Race Cowards? In Academia, Certainly

Posted Monday, February 23, 2009

Attorney General Eric Holder said the U.S. is "a nation of cowards" when it comes to race relations. In one sense, he is absolutely right.

Many whites, from university administrators and professors, to schoolteachers, to employers and public officials, accept behavior from black people that they wouldn’t begin to accept from whites.

For example, some of the nation’s most elite universities, such as Vanderbilt, Stanford and the University of California, have yielded to black student demands for separate graduation ceremonies and separate "celebratory events."

Universities such as Stanford, Cornell, MIT and Cal Berkeley have, or have had, segregated dorms.

If white students demanded whites-only graduation ceremonies or whites-only dorms, administrators would have labeled their demands as intolerable racism. When black students demand the same thing, these administrators cowardly capitulate.

Calling these university administrators cowards is the most flattering characterization of their behavior. They might actually be stupid enough to believe nonsense taught by some of their sociology and psychology professors that blacks can’t be racists because they don’t have power. What about Holder’s statement that America is "voluntarily segregated"? I say so what.

According to the census, in 2007 4.6% of married blacks had a white spouse; less than 1% of married whites were married to a black.

While blacks are 13% of the population, they are 80% of professional basketball players and 65% of pro football players. Mere casual observance of audiences at ice hockey games or opera performances would reveal gross voluntary segregation.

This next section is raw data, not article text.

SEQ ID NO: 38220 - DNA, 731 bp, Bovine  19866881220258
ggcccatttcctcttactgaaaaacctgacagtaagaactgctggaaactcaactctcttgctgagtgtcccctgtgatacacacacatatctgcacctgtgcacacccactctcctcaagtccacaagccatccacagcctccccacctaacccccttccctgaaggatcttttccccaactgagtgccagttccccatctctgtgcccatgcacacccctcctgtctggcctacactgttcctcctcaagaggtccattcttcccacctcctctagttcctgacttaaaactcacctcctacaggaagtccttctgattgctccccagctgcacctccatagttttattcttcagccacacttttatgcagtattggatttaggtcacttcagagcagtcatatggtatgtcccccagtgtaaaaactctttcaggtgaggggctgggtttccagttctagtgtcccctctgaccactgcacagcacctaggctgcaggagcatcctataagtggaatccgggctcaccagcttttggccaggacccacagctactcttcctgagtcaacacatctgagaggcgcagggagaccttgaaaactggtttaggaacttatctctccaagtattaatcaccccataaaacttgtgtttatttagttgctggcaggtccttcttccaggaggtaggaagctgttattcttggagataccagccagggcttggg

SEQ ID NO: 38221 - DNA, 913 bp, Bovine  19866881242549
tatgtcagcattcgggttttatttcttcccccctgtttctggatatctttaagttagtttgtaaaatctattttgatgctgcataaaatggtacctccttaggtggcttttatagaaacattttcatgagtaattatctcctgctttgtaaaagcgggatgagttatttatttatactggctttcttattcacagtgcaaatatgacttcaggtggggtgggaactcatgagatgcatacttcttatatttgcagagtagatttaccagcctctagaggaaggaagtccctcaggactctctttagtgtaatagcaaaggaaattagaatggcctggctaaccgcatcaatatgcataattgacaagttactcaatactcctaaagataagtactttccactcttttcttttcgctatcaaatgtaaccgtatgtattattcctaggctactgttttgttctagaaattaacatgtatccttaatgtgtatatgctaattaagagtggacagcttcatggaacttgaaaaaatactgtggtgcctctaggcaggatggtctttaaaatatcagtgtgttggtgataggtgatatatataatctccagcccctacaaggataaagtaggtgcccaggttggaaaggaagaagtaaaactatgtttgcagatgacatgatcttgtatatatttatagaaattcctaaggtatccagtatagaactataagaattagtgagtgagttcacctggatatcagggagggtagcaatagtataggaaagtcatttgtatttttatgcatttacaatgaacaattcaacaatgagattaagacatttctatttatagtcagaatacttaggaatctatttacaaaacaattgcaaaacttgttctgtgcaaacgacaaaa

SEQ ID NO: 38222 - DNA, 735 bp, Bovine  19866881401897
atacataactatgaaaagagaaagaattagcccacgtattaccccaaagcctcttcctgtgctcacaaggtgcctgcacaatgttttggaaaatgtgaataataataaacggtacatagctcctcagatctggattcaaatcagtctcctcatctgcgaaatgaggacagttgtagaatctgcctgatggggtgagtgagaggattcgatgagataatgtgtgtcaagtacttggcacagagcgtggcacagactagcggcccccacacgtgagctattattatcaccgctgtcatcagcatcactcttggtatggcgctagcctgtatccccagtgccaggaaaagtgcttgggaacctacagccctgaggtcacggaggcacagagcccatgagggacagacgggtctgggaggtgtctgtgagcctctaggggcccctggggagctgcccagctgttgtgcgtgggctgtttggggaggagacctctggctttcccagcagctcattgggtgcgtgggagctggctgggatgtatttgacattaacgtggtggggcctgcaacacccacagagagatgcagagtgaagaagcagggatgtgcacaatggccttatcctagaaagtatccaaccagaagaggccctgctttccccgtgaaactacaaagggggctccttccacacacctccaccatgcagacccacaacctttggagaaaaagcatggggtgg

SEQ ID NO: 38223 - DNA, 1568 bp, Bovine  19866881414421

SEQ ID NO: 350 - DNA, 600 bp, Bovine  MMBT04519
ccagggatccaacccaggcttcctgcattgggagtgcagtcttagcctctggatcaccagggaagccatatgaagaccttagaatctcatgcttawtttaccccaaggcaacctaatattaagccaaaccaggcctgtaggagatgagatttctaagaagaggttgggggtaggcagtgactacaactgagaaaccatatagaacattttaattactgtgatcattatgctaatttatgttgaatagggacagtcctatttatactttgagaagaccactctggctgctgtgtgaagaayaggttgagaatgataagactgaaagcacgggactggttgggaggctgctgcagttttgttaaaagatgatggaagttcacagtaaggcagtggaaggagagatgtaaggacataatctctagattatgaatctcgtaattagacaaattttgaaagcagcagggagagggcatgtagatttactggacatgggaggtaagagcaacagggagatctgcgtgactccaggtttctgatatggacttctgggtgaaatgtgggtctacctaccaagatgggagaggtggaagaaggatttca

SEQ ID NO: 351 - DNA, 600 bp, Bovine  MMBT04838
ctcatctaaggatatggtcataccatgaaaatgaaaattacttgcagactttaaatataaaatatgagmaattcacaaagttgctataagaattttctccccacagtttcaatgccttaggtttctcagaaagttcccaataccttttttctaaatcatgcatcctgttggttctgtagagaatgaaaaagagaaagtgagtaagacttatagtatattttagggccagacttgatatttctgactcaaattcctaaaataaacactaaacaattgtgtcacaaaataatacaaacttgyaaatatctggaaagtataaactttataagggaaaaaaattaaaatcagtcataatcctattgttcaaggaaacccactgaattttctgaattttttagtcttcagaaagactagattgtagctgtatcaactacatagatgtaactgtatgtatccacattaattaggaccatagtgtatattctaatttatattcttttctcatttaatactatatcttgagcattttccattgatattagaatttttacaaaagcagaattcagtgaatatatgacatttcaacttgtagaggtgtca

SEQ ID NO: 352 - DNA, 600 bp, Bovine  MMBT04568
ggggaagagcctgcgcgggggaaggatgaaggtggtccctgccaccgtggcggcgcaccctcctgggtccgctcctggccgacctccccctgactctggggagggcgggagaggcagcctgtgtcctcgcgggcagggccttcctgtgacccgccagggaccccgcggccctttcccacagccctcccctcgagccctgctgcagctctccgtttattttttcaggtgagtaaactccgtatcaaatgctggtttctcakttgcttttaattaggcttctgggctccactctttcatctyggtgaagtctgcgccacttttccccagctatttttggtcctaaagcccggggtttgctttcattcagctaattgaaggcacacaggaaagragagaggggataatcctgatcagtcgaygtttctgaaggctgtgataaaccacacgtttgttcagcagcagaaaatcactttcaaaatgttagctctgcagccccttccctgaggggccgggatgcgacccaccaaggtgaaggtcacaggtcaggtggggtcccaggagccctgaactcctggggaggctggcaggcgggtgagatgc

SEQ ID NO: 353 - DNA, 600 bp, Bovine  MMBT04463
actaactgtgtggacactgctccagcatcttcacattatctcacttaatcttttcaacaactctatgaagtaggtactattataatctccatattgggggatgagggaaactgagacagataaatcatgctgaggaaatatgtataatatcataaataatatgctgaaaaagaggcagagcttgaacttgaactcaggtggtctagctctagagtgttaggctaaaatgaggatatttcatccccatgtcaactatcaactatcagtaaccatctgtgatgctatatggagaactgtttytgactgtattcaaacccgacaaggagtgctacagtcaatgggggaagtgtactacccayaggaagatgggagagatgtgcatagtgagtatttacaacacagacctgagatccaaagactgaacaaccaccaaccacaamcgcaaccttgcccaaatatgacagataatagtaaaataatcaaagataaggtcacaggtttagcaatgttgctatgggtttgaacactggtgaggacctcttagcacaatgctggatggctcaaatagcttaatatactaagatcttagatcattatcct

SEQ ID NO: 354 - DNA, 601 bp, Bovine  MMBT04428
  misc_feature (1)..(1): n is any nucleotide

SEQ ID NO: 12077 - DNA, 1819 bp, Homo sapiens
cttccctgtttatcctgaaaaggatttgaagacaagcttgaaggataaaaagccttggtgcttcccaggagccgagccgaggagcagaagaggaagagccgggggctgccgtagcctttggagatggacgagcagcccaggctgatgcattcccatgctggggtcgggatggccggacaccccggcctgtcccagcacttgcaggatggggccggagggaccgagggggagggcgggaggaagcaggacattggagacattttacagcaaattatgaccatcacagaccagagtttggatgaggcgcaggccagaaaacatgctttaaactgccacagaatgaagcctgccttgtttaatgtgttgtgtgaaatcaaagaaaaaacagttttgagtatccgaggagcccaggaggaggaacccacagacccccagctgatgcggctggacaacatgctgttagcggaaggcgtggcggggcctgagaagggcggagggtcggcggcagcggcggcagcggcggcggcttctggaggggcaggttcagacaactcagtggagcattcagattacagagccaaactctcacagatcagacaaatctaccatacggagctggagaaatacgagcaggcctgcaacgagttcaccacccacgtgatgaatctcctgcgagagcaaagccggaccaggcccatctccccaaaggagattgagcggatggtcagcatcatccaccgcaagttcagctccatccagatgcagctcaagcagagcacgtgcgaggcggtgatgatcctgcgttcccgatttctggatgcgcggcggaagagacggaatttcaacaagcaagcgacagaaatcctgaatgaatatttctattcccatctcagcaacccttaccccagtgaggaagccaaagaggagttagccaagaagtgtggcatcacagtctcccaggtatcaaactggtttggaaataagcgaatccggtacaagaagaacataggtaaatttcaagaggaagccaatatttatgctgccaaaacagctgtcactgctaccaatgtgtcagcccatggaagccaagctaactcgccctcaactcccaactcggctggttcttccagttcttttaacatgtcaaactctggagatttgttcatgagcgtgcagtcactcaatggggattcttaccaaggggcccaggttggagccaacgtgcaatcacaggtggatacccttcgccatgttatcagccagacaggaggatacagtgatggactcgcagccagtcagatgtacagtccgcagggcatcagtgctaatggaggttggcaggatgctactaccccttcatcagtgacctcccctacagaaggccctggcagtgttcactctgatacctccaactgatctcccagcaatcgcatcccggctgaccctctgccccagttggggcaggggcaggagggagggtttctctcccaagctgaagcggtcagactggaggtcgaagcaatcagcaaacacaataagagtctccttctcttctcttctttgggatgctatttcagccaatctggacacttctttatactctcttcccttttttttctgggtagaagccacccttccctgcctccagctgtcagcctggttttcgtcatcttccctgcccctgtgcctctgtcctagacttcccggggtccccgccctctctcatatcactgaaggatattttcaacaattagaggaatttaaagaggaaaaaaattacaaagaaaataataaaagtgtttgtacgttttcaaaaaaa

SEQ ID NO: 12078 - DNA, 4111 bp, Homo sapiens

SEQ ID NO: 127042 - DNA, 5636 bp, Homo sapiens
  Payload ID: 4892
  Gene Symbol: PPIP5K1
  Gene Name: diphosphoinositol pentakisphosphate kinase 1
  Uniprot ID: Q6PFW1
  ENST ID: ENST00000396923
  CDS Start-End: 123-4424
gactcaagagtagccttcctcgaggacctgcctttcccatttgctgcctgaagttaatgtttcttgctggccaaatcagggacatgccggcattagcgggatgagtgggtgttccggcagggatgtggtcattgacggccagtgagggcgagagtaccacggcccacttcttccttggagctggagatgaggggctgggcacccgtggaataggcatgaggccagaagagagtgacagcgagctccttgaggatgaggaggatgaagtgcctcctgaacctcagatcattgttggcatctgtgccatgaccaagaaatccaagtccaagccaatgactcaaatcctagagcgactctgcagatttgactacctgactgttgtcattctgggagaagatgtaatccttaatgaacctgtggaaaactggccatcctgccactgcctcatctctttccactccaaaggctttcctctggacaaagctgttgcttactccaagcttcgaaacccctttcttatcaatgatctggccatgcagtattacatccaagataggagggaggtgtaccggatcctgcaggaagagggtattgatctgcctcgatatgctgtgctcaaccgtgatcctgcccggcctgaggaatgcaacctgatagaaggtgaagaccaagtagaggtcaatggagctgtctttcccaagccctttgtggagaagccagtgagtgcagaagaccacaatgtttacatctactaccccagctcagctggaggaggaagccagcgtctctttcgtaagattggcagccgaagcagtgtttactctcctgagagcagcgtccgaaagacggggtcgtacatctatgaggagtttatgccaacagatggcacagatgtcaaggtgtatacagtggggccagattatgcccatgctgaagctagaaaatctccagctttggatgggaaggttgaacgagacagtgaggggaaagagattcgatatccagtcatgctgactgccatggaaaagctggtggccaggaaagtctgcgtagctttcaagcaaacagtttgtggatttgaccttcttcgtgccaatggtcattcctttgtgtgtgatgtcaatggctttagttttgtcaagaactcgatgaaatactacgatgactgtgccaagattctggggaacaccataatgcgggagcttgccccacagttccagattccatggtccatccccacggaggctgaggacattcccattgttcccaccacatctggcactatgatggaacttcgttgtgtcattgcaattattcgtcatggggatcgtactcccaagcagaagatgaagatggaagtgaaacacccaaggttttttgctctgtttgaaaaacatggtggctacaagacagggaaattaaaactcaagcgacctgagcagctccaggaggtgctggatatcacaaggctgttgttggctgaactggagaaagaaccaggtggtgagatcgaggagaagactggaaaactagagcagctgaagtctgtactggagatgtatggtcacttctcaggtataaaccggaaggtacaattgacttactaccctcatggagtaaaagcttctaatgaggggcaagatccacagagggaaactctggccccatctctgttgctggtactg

What would Holder propose the U.S. Justice Department do about these and other instances of voluntary segregation?

The attorney general’s flawed thinking is widespread whereby people think that an activity that is not racially integrated is therefore segregated.

Blacks are about 60% of the Washington, D.C., population. At Reagan National Airport, which serves D.C., nowhere near 60% of the airport’s water fountain users are black; I’d guess blacks are never more than 5% of users.

The population statistics of states such as South Dakota, Iowa, Maine, Montana and Vermont show that not even 1% of their populations are black. Does that mean Reagan National Airport water fountains and South Dakota, Iowa, Maine, Montana and Vermont are racially segregated?

If Holder does anything about "voluntary segregation" at the state level, I hope it’s not court-ordered busing; I’m not wild about their winters.

Just because some activity is not racially integrated does not mean that it is racially segregated.

The bottom line is that the civil rights struggle is over and it is won. At one time black Americans didn’t share the constitutional guarantees shared by whites; today we do. That does not mean that there are not major problems that confront a large segment of the black community, but they are not civil rights problems nor can they be solved through a "conversation on race."

Black illegitimacy stands at 70%, nearly 50% of black students drop out of high school and only 30% of black youngsters reside in two-parent families.

Even though they’re just 13% of the population, blacks in 2005 committed over 52% of the nation’s homicides and were 46% of the homicide victims. Ninety-four percent of black homicide victims had a black person as their murderer.

Much of that pathology is precipitated by family breakdown and is entirely new among blacks. In 1940, black illegitimacy was 19%; in 1950, only 18% of black households were female-headed compared with today’s 70%. Both during slavery and as late as 1920, a teenage girl raising a child without a man present was rare among blacks.

If black people continue to accept the corrupt blame game agenda of liberal whites, black politicians and assorted hustlers, as opposed to accepting personal responsibility, the future for many black Americans will remain bleak.

Copyright 2008 Creators Syndicate, Inc

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